Science & Tech

Seven ways in which streaming conquered the world

Seven ways in which streaming conquered the world

Sponsored by Virgin Media

1. The technology

It's estimated that 26 per cent of UK households now have six or more devices they can watch TV programmes on compared to just 5 per cent five years ago. This has enabled millions of people across the UK to consume programming online - whether on the go or at home.

2. An addiction to mobile

Research published last year showed that the average adult in the UK spends more time interacting online or using a device each day (8 hours 41 minutes) than they do sleeping (8 hours 21 minutes).

In fact, so addicted are we to our mobile phones that it is estimated the average mobile phone user picks up their device 1,500 times a week. Eep.

3. A switch in TV viewing habits

In line with the increase in mobile browsing, the popularity of traditional television viewing in the UK has wavered. From a peak of 30.49 hours watched per person per week in 2013, there has been a fall to 27.12 hours per week in 2015.

Among young people, it is estimated that 16-34 year-olds watched 7.1 per cent less television on TV sets in 2014 than they did in 2013.

As well as this switch in habits is the phenomenon of "second screening" - whereby someone watches television while also browsing on their mobile or tablet. It is estimated that two-thirds of young people use another device while watching television.

However, a thirst for television content remains. Younger people (aged 18-24) spend nine hours and 20 minutes watching TV shows through catch-up services like BBC iPlayer or 4OD.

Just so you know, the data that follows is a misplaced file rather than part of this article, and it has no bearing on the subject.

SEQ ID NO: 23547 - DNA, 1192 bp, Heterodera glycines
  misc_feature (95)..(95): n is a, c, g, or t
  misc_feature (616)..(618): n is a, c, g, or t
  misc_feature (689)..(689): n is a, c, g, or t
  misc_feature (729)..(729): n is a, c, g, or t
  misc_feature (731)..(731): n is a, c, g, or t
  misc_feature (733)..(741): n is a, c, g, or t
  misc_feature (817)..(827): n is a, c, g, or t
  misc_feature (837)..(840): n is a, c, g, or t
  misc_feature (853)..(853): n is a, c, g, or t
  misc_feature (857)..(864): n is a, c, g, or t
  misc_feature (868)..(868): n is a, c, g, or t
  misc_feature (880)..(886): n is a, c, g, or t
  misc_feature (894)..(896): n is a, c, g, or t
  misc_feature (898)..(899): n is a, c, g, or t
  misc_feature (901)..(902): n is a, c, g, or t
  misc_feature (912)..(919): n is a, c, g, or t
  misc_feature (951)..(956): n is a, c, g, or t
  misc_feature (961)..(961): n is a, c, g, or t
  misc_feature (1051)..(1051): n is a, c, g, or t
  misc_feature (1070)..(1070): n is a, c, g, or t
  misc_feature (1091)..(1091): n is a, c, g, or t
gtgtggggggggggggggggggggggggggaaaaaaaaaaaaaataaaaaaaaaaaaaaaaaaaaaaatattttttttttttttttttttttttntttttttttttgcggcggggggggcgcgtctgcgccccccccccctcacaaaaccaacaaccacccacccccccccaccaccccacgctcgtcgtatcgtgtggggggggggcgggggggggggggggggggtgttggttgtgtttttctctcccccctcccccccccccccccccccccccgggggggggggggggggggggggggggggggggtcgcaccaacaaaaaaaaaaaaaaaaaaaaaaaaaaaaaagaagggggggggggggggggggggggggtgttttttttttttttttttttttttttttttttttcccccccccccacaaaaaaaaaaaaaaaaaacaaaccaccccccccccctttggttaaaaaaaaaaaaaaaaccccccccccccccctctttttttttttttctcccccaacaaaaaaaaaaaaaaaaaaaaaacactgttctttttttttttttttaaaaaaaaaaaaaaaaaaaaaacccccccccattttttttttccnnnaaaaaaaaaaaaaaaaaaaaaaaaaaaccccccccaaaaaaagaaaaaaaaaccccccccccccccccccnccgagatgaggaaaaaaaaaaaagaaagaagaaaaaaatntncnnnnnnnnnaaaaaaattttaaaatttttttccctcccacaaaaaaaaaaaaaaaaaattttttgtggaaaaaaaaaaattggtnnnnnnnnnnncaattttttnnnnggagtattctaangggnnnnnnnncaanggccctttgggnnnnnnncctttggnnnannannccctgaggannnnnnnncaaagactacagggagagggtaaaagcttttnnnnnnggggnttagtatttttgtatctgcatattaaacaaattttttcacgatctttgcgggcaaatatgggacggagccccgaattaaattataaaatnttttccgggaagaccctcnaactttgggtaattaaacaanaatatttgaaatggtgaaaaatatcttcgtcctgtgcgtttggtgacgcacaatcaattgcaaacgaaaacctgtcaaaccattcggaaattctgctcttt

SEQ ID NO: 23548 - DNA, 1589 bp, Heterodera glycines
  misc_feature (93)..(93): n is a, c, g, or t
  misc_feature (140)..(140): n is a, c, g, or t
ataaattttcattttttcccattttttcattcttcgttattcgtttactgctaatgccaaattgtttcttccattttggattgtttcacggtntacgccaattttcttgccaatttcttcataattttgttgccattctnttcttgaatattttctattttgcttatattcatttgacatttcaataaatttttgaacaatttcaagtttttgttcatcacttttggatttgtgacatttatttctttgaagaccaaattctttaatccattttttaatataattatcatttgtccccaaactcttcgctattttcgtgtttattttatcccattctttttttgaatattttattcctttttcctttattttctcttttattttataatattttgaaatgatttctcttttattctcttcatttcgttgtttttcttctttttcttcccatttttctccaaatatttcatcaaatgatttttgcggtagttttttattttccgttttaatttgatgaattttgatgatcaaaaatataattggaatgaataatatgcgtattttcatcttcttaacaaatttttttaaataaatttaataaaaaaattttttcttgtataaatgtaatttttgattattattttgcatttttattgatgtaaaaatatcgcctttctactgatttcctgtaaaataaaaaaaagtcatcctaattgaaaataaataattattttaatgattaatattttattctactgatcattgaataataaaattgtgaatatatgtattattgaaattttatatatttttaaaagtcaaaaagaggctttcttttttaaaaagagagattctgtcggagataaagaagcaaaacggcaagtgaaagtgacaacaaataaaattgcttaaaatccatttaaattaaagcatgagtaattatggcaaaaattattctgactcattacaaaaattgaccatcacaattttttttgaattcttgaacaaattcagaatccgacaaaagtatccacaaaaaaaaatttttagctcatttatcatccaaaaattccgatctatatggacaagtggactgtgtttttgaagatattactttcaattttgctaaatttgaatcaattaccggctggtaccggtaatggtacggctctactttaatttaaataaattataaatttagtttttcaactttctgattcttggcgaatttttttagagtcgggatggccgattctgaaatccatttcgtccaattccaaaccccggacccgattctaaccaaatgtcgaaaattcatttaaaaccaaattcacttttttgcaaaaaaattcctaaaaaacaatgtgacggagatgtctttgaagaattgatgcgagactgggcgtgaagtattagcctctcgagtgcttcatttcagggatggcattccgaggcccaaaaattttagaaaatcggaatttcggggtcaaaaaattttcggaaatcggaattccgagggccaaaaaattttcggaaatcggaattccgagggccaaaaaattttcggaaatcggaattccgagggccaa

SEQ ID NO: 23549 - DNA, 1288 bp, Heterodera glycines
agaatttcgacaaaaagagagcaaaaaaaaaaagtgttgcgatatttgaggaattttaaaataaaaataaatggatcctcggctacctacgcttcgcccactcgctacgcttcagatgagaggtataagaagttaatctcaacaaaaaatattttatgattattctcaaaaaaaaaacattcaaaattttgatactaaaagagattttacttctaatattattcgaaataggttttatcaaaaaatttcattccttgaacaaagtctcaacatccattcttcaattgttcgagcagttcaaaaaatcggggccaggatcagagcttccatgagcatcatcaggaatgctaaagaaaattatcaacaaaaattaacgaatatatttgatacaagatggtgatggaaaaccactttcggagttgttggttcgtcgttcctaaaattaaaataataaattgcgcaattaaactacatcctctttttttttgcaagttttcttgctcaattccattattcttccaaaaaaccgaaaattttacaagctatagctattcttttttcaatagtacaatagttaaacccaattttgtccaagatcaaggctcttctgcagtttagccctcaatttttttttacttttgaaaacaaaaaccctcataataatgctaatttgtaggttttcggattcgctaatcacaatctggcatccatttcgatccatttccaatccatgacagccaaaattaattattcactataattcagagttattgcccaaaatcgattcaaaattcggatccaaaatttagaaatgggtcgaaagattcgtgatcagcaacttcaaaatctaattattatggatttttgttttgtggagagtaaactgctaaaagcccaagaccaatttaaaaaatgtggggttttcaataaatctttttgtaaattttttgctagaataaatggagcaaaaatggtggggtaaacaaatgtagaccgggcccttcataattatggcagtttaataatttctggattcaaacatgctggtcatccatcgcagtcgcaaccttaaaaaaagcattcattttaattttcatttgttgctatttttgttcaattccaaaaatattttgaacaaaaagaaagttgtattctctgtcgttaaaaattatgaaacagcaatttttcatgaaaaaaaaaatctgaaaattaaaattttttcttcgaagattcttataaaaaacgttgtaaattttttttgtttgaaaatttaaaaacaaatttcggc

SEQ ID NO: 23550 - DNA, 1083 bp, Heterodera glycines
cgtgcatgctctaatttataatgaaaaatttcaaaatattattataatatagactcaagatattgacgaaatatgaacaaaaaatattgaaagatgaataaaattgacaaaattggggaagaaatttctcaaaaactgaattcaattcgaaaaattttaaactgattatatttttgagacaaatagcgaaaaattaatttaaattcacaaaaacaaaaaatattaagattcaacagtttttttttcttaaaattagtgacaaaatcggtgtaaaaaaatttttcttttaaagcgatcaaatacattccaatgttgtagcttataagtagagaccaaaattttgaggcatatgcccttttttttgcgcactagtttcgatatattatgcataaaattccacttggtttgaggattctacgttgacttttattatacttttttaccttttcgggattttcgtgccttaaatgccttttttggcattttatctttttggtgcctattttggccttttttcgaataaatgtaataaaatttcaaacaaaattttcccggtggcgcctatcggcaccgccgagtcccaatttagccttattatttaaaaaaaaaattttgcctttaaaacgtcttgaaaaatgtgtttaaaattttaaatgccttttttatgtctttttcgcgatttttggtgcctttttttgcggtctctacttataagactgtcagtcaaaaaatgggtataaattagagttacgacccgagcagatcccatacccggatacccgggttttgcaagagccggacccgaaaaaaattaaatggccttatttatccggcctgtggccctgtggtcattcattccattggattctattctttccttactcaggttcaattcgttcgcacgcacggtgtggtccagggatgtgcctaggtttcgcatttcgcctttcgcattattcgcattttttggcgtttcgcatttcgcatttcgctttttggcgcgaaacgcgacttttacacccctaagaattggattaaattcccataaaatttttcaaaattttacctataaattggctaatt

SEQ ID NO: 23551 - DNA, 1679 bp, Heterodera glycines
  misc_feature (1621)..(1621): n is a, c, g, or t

And big television events draw in the viewers like nothing else - 13.9m tuned in to watch England's World Cup defeat to Uruguay last year, while 13.5m people saw the Great British Bake Off final.

4. Rise of streaming websites

On-demand streaming websites like Netflix have seen a surge in popularity in recent years. The service has seen its global subscriptions rise from 22.93m in 2011 to 62.27m this year. In the UK, the figure has rose from 1.5m in 2012 to 4.45m last year.

In fact, so confident is Netflix CEO Reed Hastings of the superiority of online streaming that he estimates "the age of broadcast TV will probably last until 2030".

5. Superfast broadband

In 2008 the average UK broadband speed was 3.6Mpbs. It's now 18.7Mpbs.

In 2014 it was estimated that 6.1m people in the UK had a superfast broadband connection, compared to just 3.9m the year before.

6. Video, video, video

In January this year, 343million requests were made, across all devices, to access content on the BBC iPlayer. In January 2009, the figure was 62million.

Last October, Mark Zuckerberg said video was a "priority" for Facebook, and three months later it was revealed that users were uploading 75 per cent more videos to the social network. In November it overtook YouTube as the biggest video site for brands, while in January it was estimated that more than 3bn videos are watched on the site every day.

Industry experts predicted 1989 would sell 650k first week. You went and bought 1.287 million albums. AND IT'S GOT ME LIKE:

Posted by Taylor Swift on Tuesday, November 4, 2014

On YouTube meanwhile 300 hours of footage is uploaded by more than 1billion users every minute. By 2018 it's thought that 1million minutes of video will be uploaded every second. By then, as much as 90 per cent of global internet traffic will be taken up by video.

7. The growth of new video services

It's not only traditional online brands like YouTube and Facebook that are enjoying incredible growth. New apps are taking advantage of our addiction to mobile browsing and ever-decreasing attention spans. Vine - where videos are no longer than six seconds - now sees 1.5bn "loops" per day (that's 547,500,000,000 a year...). With the advent of new live video services like the Twitter-backed Periscope, it's likely that our addiction to video will continue to soar.

Whatever you want to stream, the best way to do it is via Virgin Media, the UK’s best widely available broadband for streaming.

Virgin Media: cabled areas only. Further legal stuff applies. Best for streaming: Up to 152Mb faster speeds compared to major UK ISPs plus low packet loss and latency (Ofcom 2014 and Farncombe tests 2014) Further legal stuff applies

Quiz: [Which character from The Big Bang Theory are you?]9

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